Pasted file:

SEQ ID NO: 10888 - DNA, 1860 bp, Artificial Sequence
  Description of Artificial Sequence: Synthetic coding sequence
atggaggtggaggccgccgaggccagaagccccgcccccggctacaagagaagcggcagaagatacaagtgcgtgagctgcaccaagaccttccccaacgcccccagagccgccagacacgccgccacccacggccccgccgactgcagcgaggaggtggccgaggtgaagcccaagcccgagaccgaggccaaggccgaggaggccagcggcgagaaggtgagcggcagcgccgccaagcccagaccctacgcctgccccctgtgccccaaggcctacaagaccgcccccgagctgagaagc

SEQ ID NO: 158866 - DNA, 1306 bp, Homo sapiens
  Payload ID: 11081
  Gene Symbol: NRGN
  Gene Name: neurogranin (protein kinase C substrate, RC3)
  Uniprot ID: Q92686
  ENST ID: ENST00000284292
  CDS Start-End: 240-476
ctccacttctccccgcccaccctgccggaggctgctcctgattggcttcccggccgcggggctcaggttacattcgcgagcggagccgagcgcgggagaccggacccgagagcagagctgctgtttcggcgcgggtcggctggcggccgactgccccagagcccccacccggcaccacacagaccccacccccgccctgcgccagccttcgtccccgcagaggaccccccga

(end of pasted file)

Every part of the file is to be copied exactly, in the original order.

SEQ ID NO: 10888 - DNA, 1860 bp, Artificial Sequence
  Description of Artificial Sequence: Synthetic coding sequence
atggaggtggaggccgccgaggccagaagccccgcccccggctacaagagaagcggcagaagatacaagtgcgtgagctgcaccaagaccttccccaacgcccccagagccgccagacacgccgccacccacggccccgccgactgcagcgaggaggtggccgaggtgaagcccaagcccgagaccgaggccaaggccgaggaggccagcggcgagaaggtgagcggcagcgccgccaagcccagaccctacgcctgccccctgtgccccaaggcctacaagaccgcccccgagctgagaagc

SEQ ID NO: 158866 - DNA, 1306 bp, Homo sapiens
  Payload ID: 11081
  Gene Symbol: NRGN
  Gene Name: neurogranin (protein kinase C substrate, RC3)
  Uniprot ID: Q92686
  ENST ID: ENST00000284292
  CDS Start-End: 240-476
ctccacttctccccgcccaccctgccggaggctgctcctgattggcttcccggccgcggggctcaggttacattcgcgagcggagccgagcgcgggagaccggacccgagagcagagctgctgtttcggcgcgggtcggctggcggccgactgccccagagcccccacccggcaccacacagaccccacccccgccctgcgccagccttcgtccccgcagaggaccccccga